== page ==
Climate change slowdown is due to warming of deep oceans
A recent slowdown in the upward march of global temperatures is likely to be the result of the slow warming of the deep oceans, British scientists said on Monday.
Oceans are some of the Earth's biggest absorbers of heat, which can be seen in effects such as sea level rises, caused by the expansion of large bodies of water as they warm. The absorption goes on over long periods, as heat from the surface is gradually circulated to the lower reaches of the seas.
Temperatures around the world have been broadly static over the past five years, though they were still significantly above historic norms, and the years from 2000 to 2012 comprise most of the 14 hottest years ever recorded. The scientists said the evidence still clearly pointed to a continuation of global warming in the coming decades as greenhouse gases in the atmosphere contribute to climate change.
This summer's heatwave, the most prolonged period of hot weather in the UK for years, has not yet been taken into account in their measurements.
Peter Stott of the Met Office said computer-generated climate models all showed that periods of slower warming were to be expected as part of the natural variation of the climate cycle, and did not contradict predictions. Given that variation, current temperatures are within expectations. As well as the heating of the deep oceans, other factors have played a significant part in slowing temperature rises. These have included the solar minimum - when the sun is less active and generating slightly less heat, as occurred in 2008/2009 - and a series of small volcanic eruptions, including that of Iceland's EyjafjallajÃ¶kull volcano in 2010. Ash from volcanoes reflects light back into space, and major eruptions in the past have had a severe, albeit temporary, cooling effect.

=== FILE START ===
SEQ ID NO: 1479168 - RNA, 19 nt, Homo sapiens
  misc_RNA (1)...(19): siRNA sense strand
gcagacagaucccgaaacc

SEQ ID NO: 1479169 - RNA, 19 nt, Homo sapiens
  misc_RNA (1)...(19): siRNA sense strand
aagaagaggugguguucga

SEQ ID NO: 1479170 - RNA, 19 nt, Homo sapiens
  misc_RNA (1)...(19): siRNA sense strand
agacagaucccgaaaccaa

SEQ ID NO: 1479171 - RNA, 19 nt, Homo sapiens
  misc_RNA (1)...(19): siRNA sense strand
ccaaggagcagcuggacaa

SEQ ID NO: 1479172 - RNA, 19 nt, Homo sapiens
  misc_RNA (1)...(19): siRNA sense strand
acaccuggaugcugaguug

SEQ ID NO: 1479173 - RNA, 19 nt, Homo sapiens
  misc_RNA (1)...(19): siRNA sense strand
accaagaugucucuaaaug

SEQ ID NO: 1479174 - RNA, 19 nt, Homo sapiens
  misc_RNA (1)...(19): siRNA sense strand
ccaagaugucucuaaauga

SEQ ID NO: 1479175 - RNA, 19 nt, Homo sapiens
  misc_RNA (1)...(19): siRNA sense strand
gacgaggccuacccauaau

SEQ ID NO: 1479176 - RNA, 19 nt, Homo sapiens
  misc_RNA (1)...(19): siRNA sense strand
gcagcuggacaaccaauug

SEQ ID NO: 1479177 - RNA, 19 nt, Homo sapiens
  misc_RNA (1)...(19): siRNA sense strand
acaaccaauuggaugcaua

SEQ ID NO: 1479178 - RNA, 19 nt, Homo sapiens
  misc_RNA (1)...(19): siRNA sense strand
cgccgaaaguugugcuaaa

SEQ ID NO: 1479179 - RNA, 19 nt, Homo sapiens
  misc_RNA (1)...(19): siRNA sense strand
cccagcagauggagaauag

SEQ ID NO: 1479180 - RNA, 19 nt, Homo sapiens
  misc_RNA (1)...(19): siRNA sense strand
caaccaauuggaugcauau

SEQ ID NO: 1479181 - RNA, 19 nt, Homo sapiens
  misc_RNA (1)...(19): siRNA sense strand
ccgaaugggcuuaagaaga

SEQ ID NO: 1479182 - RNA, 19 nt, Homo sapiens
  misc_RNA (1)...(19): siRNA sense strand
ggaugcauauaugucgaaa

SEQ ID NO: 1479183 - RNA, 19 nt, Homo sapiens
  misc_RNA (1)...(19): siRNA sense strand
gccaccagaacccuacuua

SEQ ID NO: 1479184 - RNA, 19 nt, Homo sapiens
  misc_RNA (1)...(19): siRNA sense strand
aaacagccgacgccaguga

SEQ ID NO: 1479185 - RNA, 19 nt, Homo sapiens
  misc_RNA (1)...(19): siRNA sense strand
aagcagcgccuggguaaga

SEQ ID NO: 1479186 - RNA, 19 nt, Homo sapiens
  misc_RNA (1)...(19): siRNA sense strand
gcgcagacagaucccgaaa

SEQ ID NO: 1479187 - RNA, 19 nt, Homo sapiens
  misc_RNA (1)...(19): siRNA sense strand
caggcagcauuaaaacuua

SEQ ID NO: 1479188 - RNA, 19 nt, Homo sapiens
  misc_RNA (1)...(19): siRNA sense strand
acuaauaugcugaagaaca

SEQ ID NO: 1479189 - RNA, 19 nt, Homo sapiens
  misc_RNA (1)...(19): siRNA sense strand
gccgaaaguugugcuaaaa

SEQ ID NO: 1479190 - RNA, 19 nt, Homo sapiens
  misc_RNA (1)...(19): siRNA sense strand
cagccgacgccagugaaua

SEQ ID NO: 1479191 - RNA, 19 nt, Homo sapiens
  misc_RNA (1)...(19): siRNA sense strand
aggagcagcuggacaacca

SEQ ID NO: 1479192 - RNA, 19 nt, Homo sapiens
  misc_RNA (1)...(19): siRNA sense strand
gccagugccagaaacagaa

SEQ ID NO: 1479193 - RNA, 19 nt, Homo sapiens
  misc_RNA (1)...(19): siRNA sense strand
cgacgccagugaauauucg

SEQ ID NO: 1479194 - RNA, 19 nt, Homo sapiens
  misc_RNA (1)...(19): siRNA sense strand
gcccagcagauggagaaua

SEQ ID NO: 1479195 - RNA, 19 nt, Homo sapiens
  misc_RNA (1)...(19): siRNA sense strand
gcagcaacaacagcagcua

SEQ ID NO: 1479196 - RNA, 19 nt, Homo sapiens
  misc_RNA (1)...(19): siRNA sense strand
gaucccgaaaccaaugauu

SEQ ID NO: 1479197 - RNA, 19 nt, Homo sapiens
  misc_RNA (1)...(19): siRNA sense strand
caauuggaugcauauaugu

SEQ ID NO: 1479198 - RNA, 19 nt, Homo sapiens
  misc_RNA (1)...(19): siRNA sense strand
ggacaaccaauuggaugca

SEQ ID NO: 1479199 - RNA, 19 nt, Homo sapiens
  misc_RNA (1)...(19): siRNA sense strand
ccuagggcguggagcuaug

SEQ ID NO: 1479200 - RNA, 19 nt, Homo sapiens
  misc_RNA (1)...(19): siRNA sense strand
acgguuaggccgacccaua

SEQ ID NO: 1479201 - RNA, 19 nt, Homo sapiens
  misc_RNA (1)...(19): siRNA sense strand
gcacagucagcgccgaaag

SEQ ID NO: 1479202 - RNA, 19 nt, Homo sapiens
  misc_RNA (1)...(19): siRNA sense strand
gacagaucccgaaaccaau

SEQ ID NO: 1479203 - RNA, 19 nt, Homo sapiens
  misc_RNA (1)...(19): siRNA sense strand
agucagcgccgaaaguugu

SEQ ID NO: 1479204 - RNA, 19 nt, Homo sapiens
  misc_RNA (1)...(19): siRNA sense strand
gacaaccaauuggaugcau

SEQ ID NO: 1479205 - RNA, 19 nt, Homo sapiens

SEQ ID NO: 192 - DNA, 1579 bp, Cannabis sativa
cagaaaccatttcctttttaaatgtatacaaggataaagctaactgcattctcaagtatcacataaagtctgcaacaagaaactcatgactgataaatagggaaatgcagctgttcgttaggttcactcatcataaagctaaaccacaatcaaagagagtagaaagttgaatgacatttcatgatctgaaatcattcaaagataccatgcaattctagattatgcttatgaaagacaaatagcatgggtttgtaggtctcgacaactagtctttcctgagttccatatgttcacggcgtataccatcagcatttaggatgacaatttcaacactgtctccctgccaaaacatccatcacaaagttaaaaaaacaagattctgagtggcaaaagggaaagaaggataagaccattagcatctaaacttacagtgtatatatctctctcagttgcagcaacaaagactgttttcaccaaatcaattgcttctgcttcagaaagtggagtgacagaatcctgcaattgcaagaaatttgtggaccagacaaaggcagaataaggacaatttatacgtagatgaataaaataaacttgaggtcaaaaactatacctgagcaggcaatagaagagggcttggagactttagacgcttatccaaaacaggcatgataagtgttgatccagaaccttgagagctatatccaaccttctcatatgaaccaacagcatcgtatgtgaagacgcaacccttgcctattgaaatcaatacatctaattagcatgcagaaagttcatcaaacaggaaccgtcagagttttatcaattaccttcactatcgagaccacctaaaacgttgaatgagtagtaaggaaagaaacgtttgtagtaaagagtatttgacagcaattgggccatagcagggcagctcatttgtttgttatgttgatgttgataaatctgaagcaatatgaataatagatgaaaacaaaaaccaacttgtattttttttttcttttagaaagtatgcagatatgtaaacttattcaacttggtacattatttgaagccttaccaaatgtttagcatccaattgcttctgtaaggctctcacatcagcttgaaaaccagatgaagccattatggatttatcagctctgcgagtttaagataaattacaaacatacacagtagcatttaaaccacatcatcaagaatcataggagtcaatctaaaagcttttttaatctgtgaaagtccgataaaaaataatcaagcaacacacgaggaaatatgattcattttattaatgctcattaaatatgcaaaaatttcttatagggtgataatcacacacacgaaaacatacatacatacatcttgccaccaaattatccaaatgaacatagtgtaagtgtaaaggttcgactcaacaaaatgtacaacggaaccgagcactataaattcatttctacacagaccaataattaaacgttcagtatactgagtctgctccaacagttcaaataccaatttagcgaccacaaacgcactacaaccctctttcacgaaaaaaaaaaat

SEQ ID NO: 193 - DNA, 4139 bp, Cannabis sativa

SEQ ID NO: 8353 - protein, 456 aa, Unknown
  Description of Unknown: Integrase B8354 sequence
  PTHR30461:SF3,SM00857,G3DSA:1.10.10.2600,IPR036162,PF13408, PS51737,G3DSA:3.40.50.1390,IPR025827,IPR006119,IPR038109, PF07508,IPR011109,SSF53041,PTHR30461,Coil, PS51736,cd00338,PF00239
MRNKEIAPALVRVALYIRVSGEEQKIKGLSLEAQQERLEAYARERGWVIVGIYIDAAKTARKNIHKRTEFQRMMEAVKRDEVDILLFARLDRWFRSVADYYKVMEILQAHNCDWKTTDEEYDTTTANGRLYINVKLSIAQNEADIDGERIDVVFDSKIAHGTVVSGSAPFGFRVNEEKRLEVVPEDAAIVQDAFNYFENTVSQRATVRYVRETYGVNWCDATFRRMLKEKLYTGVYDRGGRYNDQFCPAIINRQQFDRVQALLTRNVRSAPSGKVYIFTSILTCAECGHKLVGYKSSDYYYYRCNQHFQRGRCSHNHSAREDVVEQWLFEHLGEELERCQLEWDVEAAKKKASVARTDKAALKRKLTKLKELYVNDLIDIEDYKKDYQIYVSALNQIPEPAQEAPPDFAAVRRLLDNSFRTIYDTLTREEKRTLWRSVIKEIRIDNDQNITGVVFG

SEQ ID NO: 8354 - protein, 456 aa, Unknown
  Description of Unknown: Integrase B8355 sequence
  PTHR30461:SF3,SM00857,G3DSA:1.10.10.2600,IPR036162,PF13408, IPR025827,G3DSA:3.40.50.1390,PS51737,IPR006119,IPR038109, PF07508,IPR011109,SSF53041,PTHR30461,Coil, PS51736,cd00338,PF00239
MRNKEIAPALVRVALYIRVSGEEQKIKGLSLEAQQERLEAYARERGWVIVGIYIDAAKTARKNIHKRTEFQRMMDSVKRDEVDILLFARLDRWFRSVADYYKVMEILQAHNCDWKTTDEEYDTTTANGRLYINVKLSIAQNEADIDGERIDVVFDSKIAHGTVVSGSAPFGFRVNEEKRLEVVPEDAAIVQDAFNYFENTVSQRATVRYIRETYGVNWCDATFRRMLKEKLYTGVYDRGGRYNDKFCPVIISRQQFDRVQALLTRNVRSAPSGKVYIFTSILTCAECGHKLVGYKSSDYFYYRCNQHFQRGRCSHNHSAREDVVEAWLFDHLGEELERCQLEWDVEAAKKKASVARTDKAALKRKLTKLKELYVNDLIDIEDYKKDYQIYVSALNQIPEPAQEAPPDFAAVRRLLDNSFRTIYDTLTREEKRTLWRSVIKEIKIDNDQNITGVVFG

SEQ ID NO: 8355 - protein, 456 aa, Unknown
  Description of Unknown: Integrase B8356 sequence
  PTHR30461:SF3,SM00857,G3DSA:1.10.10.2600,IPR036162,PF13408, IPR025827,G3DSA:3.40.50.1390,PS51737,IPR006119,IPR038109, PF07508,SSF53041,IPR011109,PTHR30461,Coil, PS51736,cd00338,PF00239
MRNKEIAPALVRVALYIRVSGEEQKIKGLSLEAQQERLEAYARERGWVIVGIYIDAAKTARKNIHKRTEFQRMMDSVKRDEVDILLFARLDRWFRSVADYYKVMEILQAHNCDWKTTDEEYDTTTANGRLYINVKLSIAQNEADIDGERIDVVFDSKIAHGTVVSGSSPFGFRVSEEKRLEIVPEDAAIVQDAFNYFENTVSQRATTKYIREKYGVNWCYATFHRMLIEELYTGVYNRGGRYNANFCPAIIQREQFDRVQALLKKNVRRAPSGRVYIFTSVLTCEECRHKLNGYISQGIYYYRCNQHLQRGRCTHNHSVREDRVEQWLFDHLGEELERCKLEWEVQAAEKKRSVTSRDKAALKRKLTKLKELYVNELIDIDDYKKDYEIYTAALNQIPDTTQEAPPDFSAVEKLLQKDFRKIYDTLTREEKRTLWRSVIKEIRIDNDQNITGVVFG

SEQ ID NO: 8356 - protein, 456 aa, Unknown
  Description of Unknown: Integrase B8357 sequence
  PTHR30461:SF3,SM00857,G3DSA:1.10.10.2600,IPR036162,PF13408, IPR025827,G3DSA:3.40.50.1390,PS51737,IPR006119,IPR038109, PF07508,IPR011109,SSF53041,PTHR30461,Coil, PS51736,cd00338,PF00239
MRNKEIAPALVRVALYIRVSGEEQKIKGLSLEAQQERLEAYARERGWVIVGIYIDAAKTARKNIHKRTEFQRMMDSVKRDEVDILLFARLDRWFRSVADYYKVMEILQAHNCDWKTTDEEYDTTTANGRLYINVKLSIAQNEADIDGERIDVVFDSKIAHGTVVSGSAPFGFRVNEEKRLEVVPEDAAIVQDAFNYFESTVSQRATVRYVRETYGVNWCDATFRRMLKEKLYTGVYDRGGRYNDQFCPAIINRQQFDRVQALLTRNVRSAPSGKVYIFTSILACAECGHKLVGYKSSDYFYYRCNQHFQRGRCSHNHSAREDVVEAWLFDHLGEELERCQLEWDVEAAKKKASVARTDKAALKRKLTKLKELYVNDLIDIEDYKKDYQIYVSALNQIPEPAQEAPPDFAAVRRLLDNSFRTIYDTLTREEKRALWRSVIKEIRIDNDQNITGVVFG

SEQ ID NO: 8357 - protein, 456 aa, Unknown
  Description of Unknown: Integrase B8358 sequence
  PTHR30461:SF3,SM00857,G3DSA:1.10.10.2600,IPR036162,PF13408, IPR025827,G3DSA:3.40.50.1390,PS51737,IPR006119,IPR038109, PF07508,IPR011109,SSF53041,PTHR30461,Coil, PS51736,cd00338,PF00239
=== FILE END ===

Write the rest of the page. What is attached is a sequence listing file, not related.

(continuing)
Despite the slowdown in warming, by 2060 the world is still likely to have experienced average temperatures of more than 2C above pre-industrial levels - a threshold that scientists regard as the limit of safety, beyond which climate change impacts are likely to become catastrophic. Prof Rowan Sutton, director of climate research at the National Centre for Atmospheric Research at Reading University, said the current pause would only delay reaching this point by five to 10 years.
Continue reading at The Ecologist.
Ocean image via Shutterstock.